There is talk of a recession. What should you believe?

In the spring of two years ago, a corona virus epidemic plunged the U.S. economy into recession. Last spring, the proliferation of vaccines led to its rapid expansion.

There is plenty of speculation that this spring, another recession is on the corner, perhaps later this year or next year.

The US economy is expected to grow by 1 to 2% in the first three months of the year, with official data expected later this month. But last year Snapback created a rapid drop in unemployment and created a bigger spike in inflation than almost everyone expected. It may require some bitter medicine to balance it out: higher interest rates.

“The debate over the need for more rapid interest rate hikes and whether it will push the economy into recession, in parallel, is a slight setback, an acceleration of inflation rates,” VVSari said. Economist at the University of Minnesota.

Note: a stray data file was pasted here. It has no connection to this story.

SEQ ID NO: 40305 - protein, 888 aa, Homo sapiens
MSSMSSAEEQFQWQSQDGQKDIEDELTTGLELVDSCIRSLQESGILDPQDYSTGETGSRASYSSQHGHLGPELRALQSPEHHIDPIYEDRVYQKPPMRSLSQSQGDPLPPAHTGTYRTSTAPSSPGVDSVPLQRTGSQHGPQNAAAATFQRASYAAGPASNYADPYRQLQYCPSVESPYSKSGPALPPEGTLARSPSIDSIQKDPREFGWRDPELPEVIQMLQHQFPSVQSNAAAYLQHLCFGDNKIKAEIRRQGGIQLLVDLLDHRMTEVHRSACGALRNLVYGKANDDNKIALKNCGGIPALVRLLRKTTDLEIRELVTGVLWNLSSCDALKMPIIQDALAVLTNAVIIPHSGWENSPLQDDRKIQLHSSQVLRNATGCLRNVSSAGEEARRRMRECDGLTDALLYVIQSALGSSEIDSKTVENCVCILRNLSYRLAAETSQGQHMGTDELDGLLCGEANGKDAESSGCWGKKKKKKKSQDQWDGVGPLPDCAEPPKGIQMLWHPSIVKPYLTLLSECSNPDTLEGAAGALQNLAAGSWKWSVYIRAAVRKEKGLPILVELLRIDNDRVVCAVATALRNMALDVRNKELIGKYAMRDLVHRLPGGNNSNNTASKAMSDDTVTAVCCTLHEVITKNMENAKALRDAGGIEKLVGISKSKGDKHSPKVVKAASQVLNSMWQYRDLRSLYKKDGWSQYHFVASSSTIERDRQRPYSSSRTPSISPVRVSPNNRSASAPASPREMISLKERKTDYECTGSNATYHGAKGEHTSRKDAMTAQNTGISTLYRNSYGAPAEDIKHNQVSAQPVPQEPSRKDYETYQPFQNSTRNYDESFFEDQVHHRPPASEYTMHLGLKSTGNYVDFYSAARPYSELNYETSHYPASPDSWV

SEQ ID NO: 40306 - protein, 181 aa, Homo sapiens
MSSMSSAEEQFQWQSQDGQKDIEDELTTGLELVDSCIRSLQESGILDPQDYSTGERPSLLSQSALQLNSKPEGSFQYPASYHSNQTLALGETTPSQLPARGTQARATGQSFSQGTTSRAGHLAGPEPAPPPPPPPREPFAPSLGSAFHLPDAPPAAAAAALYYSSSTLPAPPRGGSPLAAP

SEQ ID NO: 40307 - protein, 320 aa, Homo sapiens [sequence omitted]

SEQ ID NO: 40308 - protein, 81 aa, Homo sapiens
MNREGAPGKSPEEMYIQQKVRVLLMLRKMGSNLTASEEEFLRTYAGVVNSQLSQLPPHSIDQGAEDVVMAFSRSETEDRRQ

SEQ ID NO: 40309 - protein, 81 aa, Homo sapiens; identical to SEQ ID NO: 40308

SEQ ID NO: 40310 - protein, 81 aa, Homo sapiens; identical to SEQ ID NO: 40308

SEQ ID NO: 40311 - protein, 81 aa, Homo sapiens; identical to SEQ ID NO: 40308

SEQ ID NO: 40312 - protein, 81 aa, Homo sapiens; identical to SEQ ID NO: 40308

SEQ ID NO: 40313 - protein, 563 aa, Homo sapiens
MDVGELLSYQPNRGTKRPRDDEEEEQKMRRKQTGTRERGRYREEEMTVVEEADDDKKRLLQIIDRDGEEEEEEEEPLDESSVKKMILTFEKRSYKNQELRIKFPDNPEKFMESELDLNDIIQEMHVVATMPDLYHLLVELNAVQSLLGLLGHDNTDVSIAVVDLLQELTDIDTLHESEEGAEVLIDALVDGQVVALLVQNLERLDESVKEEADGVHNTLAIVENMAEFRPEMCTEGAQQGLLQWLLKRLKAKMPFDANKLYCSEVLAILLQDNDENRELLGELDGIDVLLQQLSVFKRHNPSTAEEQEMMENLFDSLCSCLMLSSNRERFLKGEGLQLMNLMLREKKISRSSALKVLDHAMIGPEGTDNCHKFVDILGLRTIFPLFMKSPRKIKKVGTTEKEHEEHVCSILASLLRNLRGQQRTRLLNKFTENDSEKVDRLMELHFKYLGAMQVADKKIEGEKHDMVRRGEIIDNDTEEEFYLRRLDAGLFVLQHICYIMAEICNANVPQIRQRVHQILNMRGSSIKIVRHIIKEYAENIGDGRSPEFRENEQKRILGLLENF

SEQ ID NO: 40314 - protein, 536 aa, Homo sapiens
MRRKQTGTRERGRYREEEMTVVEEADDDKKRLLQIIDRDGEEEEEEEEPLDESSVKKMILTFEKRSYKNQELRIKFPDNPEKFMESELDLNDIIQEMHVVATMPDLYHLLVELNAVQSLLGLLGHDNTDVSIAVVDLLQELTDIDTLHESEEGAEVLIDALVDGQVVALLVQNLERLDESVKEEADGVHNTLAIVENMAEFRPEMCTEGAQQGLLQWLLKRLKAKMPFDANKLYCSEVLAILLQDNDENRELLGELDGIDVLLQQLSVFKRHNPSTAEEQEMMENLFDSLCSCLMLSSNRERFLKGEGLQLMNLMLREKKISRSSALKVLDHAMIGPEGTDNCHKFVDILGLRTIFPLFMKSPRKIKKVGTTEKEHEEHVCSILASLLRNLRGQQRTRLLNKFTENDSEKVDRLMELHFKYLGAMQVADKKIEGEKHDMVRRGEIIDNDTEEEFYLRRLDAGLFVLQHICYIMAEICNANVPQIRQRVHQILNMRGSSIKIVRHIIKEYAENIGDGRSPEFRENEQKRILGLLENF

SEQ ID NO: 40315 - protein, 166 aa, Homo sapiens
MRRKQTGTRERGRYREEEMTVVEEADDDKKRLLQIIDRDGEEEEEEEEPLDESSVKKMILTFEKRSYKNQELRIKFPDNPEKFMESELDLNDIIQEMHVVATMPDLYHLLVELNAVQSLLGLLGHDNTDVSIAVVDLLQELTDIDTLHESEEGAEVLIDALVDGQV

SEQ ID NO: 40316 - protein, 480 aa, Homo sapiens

The recessionary conversation dominated economists’ analysis of new inflation data released last week. Consumer prices rose 8.5% in March, which may be the culmination of a series of increases that began last April in the 2% range targeted by Federal Reserve policymakers.

But after Russia’s invasion of Ukraine in February, worries about a recession bubbled up in the immediate aftermath, with speculation centered on the impact of restricted energy and food supplies.

As Congress’s balance of power in the November election is in jeopardy, political candidates – and the whirlwind doctors and media around them – are likely to stifle the possibility of a recession and point it out to the coming months.

Here are some key questions and implications for the recession debate:

What is a recession and how often does it occur?